Out-of-whack Credit Suisse security puzzles volatility traders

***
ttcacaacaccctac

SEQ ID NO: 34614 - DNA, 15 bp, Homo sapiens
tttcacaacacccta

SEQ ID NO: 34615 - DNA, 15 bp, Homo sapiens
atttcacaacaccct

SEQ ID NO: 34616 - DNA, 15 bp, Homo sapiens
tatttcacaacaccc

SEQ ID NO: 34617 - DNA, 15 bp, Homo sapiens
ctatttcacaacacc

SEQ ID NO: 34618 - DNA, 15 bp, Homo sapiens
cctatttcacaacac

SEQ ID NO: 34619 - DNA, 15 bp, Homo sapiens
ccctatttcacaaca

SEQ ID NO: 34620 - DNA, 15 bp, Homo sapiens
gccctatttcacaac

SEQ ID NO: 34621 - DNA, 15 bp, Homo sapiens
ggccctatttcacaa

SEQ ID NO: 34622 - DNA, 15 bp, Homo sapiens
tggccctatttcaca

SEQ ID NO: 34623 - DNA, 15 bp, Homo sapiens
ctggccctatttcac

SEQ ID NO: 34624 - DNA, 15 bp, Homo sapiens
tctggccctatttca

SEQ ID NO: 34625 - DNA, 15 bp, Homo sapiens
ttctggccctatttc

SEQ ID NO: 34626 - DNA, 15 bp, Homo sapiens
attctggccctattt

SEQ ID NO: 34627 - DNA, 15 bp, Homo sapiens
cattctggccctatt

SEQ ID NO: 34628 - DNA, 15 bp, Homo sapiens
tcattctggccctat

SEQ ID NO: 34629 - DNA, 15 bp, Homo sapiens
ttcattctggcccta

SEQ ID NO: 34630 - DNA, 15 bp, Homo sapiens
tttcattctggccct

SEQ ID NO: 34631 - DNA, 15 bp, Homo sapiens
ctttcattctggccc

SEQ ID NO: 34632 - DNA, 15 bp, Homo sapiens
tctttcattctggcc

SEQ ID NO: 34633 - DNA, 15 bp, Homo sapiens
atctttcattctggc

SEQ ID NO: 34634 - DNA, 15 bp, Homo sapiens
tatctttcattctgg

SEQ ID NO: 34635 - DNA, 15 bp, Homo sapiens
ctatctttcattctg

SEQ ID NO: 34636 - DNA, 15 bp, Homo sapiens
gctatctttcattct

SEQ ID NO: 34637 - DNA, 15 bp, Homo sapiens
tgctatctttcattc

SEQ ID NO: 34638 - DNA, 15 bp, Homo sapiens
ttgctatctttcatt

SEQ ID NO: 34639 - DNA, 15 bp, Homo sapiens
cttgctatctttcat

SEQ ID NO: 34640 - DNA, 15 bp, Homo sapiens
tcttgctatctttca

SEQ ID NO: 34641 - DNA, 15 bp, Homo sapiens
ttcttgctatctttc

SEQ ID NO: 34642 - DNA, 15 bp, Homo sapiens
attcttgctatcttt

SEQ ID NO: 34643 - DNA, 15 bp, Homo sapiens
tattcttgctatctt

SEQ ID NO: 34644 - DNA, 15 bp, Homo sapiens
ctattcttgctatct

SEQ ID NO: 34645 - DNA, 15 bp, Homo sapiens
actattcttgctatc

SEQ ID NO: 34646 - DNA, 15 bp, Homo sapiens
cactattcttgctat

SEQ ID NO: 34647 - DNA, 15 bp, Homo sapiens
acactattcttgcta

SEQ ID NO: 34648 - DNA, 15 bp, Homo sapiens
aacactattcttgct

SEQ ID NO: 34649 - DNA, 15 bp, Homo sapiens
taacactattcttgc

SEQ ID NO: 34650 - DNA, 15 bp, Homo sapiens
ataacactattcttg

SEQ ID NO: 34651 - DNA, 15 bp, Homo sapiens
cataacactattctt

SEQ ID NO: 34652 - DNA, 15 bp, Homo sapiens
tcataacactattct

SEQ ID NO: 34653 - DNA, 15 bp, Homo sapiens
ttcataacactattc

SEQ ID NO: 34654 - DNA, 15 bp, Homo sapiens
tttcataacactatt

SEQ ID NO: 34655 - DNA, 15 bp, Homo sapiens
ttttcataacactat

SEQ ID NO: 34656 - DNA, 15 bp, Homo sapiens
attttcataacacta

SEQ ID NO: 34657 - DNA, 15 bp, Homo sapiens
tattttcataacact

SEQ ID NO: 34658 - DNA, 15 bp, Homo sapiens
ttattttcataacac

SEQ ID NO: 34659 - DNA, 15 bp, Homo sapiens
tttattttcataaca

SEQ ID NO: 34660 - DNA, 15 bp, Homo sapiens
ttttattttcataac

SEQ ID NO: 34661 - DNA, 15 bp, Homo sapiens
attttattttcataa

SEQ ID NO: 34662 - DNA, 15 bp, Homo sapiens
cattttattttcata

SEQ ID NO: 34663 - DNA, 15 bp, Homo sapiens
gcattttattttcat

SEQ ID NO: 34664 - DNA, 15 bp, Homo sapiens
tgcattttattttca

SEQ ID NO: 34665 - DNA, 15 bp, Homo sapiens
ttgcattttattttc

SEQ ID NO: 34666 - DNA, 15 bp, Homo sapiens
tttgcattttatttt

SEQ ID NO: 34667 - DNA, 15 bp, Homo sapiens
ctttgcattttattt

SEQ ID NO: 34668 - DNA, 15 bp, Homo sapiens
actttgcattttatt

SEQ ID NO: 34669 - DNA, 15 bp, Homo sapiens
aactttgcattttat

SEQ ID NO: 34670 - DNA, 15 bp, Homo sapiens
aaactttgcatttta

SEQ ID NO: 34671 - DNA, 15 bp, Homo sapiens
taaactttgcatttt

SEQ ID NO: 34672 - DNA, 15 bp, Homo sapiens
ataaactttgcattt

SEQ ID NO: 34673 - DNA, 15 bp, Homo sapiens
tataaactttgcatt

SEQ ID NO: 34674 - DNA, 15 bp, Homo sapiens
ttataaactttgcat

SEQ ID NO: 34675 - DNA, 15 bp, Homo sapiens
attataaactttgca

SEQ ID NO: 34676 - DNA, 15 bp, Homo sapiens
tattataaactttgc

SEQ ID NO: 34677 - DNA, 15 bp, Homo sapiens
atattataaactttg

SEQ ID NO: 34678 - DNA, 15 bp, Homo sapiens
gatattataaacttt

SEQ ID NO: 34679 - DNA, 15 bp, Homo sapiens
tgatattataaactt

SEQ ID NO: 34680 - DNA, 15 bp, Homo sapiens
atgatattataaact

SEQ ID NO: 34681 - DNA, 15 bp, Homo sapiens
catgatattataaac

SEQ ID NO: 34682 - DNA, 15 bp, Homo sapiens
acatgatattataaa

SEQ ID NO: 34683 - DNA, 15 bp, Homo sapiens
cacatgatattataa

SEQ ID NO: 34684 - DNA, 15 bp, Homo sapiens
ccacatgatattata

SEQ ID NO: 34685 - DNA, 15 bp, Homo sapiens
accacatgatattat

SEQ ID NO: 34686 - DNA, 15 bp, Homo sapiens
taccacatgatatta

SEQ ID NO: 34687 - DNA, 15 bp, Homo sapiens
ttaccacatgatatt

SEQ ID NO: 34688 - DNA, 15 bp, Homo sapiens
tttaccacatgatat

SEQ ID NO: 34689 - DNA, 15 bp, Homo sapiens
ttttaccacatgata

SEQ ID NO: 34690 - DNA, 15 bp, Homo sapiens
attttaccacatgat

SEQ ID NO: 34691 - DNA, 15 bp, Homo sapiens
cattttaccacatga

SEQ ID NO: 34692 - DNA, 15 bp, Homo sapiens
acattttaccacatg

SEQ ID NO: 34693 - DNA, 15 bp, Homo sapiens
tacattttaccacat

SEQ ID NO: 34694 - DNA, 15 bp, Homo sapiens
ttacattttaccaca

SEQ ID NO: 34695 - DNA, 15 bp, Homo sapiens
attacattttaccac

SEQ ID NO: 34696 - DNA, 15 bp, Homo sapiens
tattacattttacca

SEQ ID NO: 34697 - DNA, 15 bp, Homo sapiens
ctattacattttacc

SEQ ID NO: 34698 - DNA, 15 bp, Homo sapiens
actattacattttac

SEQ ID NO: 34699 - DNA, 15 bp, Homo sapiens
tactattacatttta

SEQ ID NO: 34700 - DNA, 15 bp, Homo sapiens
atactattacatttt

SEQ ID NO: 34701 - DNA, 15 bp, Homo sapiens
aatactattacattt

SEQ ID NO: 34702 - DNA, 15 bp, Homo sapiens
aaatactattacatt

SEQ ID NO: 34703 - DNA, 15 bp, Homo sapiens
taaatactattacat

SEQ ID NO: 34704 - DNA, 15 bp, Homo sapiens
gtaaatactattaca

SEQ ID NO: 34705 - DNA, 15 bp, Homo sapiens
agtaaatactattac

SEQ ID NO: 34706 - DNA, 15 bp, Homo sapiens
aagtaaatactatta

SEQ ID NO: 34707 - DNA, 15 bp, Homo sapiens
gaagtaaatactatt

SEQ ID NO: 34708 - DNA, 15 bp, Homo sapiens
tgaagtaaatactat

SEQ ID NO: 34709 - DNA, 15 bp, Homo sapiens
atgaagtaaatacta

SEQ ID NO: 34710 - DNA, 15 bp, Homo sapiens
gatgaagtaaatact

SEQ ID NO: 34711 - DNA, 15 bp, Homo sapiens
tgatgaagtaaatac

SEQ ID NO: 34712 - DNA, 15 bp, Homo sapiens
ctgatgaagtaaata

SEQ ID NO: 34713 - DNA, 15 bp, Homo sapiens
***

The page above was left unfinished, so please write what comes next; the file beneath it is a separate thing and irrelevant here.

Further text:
A small, unexplained aberration in a highly specialized corner of the vast US equity and derivatives market is causing a buzz among traders already on edge about a potential market pullback. An exchange-traded note issued by Credit Suisse Group AG, commonly known as TVIX, that tracks stock market volatility is trading at a premium of about 3% over what it should be priced based on its underlying securities. That premium is about twice the average for the past year. While TVIX is not considered a bellwether for the stock market, at a time when investors are jittery about the health of the equities market any unexplained price moves serves to unnerve investors. In the past, the TVIX premium has risen when stocks have fallen. So a persistent premium when equity markets are relatively strong has stumped specialized traders of volatility. Normally, traders do not pay much heed to how the TVIX is behaving. But these are not usual times. The S&P 500 is flirting with all-time highs, despite signs that US President Donald Trump’s trade war with China and Britain’s planned exit from the European Union may be pushing the world into a recession. To many traders it is only a matter of time before markets fall, and they want to see it coming before others do. The TVIX is of the same genre as an ETN called XIV, which went bust in a matter of days in February 2018 after a spike in its premium. Holders of that […]

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